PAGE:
Here is an early link to my Thursday column about Frank Gore. The full text runs below:
In the next few days, you’re going to read what Frank Gore deserves.
Mostly you’ll read Gore deserves to stay with the 49ers. Gore is a free agent and it would be — choose among the following: ungrateful, spiteful, cheap, mean, criminal -— for the 49ers NOT to offer him a big fat contract.
Why does Gore deserve a big fat contract, probably around $4 million?
Choose among the following: Gore deserves a big fat contact because:
He is a nice guy, a warrior, one of the best running backs in 49ers’ history, he tries hard, he plays hurt, he’s a great teammate, he’s a leader in the locker room, he’s never been in trouble with the law, he wants the ball, he never backs down, he got along with Jim Harbaugh, he will get along with Jim Tomsula, he’s pals with Trent Baalke, Jed York never had an unkind word to tweet about him, he’s the first player in the building in the morning and the last one to leave at night, he used to be one hell of a running back.
Used to be. That’s the operative phrase.
When you read about Gore, you will read sportswriters getting all emotional about Gore, going all gooey on you, shedding a tear or two.
Frank deserves special treatment, they will write. Frank deserves. He just deserves.
He deserves what he deserves because he played on some bad Niners teams and then he played on some very good Niners teams, and he even played in a Super Bowl but he never won the big championship. You are supposed to feel sad for him. You are supposed to think his life lacks meaning because he never won a Super Bowl. You are supposed to believe the Niners should re-sign him to give him a shot at the big one, although the Niners themselves hardly have a shot in the upcoming season. You are supposed to think he deserves.
You are supposed to be sentimental. Please, don’t be sentimental.
Think like a football executive. Baalke is a football executive.
A football executive would tell himself Gore earned a ton of money with the 49ers. Gore is a very rich man. Gore drives a nice car. Gore lives well. Gore earned respect. Gore may have a future in scouting players — he’s something of a savant in that area. Gore smiles a lot. Gore seems to enjoy life. Gore is set for life.
Hardly the stuff of tragedy.
A football executive will remind himself of the Bill Walsh philosophy. Walsh was a pretty good executive in addition to being a pretty good coach. His philosophy was simple and brutal. It always is better to trade or release a player too soon rather than too late. You release or trade a player if he’s about to decline, release or trade him if he gives the lightest whiff of declining. Just get rid of him.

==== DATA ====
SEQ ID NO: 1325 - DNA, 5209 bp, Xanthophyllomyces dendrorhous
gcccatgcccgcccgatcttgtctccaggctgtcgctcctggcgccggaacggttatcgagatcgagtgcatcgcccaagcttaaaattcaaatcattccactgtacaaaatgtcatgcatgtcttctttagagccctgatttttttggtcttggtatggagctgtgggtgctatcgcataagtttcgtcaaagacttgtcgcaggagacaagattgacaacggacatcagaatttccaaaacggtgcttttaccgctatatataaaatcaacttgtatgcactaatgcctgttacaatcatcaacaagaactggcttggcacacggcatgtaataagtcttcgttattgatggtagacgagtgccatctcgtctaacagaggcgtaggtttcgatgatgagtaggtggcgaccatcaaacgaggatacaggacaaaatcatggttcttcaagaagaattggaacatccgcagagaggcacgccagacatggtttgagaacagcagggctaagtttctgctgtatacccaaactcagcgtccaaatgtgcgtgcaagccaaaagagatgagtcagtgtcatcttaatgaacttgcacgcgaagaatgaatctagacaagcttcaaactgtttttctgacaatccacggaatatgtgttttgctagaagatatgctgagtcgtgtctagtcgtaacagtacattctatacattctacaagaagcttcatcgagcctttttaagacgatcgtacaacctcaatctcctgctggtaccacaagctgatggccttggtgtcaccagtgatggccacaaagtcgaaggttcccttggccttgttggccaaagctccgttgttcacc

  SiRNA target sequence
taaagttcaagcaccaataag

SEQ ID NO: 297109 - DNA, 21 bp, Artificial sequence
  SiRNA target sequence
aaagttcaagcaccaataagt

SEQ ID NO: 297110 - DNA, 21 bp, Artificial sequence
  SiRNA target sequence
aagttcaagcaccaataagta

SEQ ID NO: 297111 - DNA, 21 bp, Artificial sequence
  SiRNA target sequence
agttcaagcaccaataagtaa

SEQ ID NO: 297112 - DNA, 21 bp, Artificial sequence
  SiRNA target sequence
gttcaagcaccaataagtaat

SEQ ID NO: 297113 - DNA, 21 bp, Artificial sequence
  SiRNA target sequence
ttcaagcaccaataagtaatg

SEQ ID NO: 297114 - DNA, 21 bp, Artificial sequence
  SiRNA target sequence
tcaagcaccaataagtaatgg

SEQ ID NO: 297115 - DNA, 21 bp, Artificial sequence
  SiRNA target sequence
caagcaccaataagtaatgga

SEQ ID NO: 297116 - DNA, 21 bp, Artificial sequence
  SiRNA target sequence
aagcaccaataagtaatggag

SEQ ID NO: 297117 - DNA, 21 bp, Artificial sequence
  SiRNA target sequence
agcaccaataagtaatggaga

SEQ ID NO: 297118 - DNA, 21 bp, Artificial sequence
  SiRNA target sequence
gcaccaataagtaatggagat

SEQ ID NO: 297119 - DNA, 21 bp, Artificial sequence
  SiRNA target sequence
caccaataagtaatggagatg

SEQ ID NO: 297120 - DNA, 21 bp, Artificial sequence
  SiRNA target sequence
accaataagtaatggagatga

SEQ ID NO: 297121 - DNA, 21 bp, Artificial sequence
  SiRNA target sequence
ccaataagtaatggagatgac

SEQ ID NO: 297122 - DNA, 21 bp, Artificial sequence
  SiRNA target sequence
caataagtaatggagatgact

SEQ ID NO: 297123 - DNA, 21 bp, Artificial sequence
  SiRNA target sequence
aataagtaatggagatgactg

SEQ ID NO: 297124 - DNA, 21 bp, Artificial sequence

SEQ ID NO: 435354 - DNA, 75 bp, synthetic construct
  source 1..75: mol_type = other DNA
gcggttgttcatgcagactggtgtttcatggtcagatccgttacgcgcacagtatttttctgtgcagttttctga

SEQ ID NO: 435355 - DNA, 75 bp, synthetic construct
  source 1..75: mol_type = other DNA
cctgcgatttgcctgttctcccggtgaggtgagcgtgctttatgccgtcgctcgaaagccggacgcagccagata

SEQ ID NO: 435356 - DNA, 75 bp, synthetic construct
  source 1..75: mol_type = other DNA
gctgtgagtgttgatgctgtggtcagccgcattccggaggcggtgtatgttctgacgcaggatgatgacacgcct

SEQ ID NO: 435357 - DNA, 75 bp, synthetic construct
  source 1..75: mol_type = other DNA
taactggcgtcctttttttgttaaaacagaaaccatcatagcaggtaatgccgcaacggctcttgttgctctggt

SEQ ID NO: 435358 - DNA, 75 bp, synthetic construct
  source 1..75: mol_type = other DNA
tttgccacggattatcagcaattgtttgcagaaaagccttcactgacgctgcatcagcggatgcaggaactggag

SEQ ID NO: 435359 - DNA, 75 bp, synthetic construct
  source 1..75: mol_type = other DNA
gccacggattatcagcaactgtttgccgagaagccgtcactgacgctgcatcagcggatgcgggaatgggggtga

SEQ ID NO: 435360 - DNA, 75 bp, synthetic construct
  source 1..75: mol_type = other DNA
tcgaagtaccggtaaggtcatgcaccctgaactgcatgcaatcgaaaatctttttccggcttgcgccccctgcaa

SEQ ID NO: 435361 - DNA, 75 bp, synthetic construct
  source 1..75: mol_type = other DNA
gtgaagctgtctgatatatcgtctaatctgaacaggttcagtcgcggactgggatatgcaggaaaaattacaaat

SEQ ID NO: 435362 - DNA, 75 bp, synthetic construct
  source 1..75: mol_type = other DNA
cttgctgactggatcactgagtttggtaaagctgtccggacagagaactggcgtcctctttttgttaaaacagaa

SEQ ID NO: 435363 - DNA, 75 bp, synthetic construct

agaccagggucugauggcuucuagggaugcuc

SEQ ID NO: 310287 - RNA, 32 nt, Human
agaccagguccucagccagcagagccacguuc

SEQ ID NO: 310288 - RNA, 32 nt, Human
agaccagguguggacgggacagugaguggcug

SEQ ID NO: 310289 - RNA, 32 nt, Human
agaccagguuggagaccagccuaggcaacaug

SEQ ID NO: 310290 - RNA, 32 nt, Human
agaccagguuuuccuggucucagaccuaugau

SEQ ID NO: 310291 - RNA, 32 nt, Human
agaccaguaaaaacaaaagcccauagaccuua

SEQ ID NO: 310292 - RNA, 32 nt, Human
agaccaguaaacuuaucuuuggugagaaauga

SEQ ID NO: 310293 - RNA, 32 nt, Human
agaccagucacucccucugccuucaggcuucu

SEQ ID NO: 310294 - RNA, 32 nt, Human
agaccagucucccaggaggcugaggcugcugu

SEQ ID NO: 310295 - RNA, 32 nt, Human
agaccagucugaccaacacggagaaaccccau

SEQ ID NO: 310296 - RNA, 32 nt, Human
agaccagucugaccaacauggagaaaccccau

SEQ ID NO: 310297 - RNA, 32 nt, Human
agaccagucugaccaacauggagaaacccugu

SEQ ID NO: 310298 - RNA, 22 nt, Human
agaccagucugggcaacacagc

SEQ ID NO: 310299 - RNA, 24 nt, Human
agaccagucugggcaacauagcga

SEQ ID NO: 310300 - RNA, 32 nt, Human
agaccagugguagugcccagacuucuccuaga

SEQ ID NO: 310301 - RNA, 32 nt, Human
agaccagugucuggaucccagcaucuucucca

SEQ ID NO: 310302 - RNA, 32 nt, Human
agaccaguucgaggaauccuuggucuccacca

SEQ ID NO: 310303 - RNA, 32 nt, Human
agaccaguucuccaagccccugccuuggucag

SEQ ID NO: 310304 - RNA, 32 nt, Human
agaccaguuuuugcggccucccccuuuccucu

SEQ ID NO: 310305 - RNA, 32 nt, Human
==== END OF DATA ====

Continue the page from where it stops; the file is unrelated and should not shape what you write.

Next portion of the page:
No room for sentiment in football. No crying by football executives.
With Gore we’re not talking about a guy who’s on the cusp of declining. He passed the cusp years ago. He is declining. Period.
Is he still a good back? Sure. He is good early in games when he’s fresh. He is good early in the season when he’s fresh. He is good if you have another good back who can spell him. He is good if he shares the running duties. He can’t be the No.1 back, the durable back, the focus of the offense. That era is over.
There was another part to Walsh’s get-rid-of-the-guy philosophy. Teams pay old players too much. Teams pay old players based on what they did, but never will do again. Teams pay old players based on their former worth not their current worth.
In the World According to Bill, Frank Gore is not worth $4 million. In Bill’s world the Niners need to move on. Need to let Gore sign elsewhere, sign with a team which will pay for past greatness.
Gore no longer fits the 49ers’ offensive style. The Niners indicated Colin Kaepernick will run more. The offense will be a Colincentric offense consisting of more read options — that trickery between the quarterback and the running back. Hey, defense, guess who has the ball?
Carlos Hyde is good at that style. Gore is not. Gore is a traditional I-Formation runner. Give Frank the ball and look at him run. In the new Niners’ offense Gore will feel frustrated and won’t be a big deal.
Which means the 49ers already are moving away from Gore. They should move away entirely and let him go. After he retires, they can hold a Frank Gore Day at Levi’s Stadium. I, for one, would be honored to attend.
For more on the world of sports in general and the Bay Area in particular, go to the Cohn Zohn at cohn.blogs.pressdemocrat.com. You can reach Staff Columnist Lowell Cohn at firstname.lastname@example.org.